In my opinion, anarchy is just a guise for a dictatorship. It gives people the idea of freedom, but in reality people are still controlled. In this case though, the rulers are cruel and punishing. Anarchy does not leave everyone as equals so therefore it can not be without a hierarchy.
If I had any way of looking up the name of this documentary I would but I don't so you'll have to take my word on it.
Anyways it was a documentary I had to watch in class. It took place in the 80's I believe and it was about one of the more primitive tribes out there. These people completely differed from what we're used to in the sense that they don't have any concept of hierarchy. Even the members of the tribe that do more work share among everyone else equally. They don't have a concept of anything but operating as a group.
Now I assume this was developed as a survival technique but it does basically prove the theory wrong that humans have to fight for a position to be on top no matter what. There are going to be ways to circumvent that, however complicated and unlikely they are.
Not to mention even if group anarchy was doomed to fail there's still individualism.
As long as everybody knows they're going to get screwed if they follow someone elses command then no real hierarchy would emerge, even if some people try to take my for themselves. It's kind of a hard ideal to create but going from a dictatorship or old-style-kingdoms to democracy was a major leap as well and that worked. It doesn't work perfectly every time but that doesn't make it unobtainable.
Anarchy does have some problems, as does every system, and the only big one is the inability to form a coherent military. So yeah it's all the dominos fall or none of them. Anarchy is a hard system to reach but giving up for that reason is just being lazy. If something is worth obtaining it's best to go for it.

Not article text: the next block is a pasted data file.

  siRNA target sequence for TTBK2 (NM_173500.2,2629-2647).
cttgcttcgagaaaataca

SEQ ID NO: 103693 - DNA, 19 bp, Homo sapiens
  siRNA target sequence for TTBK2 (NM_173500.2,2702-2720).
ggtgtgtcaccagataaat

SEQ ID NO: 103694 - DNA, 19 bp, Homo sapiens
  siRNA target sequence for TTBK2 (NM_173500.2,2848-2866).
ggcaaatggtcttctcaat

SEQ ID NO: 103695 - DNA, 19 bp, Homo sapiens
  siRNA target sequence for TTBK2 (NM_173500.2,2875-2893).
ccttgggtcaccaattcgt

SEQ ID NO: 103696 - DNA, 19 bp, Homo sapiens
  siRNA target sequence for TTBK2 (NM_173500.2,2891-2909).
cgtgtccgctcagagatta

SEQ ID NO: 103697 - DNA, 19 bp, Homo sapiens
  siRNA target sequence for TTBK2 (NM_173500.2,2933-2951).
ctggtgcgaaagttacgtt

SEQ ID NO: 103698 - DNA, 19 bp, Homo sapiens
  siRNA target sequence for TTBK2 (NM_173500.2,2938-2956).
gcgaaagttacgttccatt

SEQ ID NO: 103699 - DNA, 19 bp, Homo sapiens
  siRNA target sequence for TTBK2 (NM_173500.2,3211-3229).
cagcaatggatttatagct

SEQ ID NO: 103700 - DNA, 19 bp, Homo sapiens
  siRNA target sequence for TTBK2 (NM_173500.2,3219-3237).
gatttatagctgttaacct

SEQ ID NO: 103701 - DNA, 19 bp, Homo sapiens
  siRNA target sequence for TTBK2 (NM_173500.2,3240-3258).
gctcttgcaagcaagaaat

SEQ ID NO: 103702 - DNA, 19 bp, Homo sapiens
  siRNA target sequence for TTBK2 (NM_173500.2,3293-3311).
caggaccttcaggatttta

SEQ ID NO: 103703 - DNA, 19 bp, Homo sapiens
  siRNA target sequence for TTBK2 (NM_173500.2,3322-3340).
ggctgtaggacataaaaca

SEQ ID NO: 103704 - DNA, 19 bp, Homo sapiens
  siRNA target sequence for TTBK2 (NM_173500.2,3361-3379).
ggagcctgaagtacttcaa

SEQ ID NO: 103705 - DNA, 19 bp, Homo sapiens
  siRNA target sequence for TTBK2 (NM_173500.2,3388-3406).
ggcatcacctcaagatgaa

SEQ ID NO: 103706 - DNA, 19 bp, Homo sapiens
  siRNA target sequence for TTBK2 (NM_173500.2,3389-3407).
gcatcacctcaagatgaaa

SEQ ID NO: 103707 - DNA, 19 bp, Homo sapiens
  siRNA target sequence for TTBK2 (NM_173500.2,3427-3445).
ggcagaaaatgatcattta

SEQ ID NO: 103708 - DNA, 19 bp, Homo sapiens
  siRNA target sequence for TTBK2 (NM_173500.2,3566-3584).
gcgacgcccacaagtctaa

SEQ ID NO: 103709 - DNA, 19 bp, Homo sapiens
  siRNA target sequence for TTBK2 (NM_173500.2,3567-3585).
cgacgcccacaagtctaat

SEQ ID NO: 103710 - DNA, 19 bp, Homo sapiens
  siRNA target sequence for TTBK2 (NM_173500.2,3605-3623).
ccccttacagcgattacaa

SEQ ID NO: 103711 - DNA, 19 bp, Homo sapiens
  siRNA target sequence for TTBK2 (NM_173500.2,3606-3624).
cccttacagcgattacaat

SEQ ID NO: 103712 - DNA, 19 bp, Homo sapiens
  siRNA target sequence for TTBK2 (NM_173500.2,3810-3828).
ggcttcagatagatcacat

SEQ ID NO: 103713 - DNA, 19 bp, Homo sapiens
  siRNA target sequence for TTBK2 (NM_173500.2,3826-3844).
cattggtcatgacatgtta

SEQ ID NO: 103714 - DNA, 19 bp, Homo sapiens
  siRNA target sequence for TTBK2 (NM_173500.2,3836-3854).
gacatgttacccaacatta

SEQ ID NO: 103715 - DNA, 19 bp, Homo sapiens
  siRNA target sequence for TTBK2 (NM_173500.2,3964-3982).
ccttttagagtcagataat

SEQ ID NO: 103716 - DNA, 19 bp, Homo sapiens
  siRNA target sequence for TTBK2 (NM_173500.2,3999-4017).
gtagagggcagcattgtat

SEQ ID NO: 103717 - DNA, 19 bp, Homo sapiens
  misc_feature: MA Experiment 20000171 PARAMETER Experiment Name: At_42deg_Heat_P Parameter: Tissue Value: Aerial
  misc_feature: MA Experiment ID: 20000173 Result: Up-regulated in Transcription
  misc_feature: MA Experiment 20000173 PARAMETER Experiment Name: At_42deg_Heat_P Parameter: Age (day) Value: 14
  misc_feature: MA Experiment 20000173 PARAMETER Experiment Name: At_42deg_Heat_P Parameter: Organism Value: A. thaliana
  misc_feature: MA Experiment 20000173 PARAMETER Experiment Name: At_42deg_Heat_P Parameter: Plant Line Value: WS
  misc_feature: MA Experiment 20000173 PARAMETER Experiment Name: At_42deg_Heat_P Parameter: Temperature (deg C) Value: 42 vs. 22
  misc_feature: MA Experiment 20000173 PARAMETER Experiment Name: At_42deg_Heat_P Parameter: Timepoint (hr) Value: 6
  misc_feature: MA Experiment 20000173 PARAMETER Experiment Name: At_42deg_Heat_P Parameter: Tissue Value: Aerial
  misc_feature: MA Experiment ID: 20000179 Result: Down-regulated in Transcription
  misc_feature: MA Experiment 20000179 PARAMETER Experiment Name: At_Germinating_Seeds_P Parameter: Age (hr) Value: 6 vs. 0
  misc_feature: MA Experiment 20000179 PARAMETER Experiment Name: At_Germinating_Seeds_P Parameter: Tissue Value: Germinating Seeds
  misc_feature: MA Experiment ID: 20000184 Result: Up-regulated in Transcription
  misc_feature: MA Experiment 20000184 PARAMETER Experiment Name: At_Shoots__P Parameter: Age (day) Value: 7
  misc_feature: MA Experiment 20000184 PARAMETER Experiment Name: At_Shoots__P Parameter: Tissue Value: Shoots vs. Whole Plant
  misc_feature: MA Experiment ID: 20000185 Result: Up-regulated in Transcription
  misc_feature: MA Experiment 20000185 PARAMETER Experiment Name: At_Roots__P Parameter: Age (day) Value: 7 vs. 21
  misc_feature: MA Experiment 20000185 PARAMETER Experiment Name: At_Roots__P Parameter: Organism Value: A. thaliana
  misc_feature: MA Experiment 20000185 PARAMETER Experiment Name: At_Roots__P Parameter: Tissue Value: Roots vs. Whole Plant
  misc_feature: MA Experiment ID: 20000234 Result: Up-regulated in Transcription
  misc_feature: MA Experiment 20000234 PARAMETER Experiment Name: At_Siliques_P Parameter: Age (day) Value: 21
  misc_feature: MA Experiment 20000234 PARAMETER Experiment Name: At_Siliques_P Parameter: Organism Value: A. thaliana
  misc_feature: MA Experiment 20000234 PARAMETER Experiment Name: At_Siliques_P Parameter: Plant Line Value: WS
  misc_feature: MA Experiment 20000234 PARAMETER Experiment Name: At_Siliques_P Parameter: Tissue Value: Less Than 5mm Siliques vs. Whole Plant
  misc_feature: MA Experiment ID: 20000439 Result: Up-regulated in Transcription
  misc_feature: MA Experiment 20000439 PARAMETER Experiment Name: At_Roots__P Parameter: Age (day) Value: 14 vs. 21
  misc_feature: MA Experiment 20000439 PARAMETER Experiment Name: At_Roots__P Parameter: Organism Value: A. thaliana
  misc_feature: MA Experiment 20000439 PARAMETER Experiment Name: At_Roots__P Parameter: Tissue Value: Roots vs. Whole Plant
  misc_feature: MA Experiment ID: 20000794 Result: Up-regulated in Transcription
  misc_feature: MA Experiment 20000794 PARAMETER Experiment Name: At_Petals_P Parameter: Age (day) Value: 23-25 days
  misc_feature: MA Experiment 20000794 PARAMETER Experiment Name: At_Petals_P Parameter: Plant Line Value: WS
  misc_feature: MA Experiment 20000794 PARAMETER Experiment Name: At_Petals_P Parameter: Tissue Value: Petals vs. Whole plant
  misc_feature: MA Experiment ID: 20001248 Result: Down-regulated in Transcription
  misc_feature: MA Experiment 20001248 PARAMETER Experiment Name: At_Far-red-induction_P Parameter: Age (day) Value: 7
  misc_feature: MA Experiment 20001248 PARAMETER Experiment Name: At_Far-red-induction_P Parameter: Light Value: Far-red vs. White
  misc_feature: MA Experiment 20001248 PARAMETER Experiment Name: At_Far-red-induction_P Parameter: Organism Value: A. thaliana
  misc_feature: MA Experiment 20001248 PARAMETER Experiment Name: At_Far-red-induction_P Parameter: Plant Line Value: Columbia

if everyone wanted that then yeah it would work. it would take a select group of individuals who all want the same thing
I don't think we can get rid of hierarchy, or authority entirely, and I don't honestly see the need to. In it's essence it's quite useful for simplifying complex tasks and challenges involving billions of people. We can do something about how it is emphasized in our social constructs though, like how much privilege and obedience those in charge of things are entitled to, or how much gap we place between each other. It's quite clear that having too much emphasis on hierarchy is not the way to go.
I think workplaces and small communities can function as anarchies, but they'd still need a division of labor and assign certain people with certain skills to do or be in charge of doing certain thing, and obviously they would or should then have more authority when it come working out exactly how that should best be done. It's no reason to involve everyone in everything all the time. I's very wasteful.
There are many things I think are best handled by various forms of authority, without it having to be absolute. For example, let's pretend that the world in it's entirety were made up of tidy spread out anarchies and we didn't know that lead was poisonous. It's quite unnecessarily complicated if every society should have to discover that for themselves. Of course in cases where dangerous things like that is discovered, it could be beneficial to have as little to none hierarchy as possible, but in the interest of discovery and making things known, it is best to have several widespread organizations of some authority to look into and make the call on certain things.
In essence I think moving towards different kinds of anarchies, or less hierarchy, in various fields and situations is a desirable pursuit, but I don't think we can have one anarchy that fits all needs and purposes.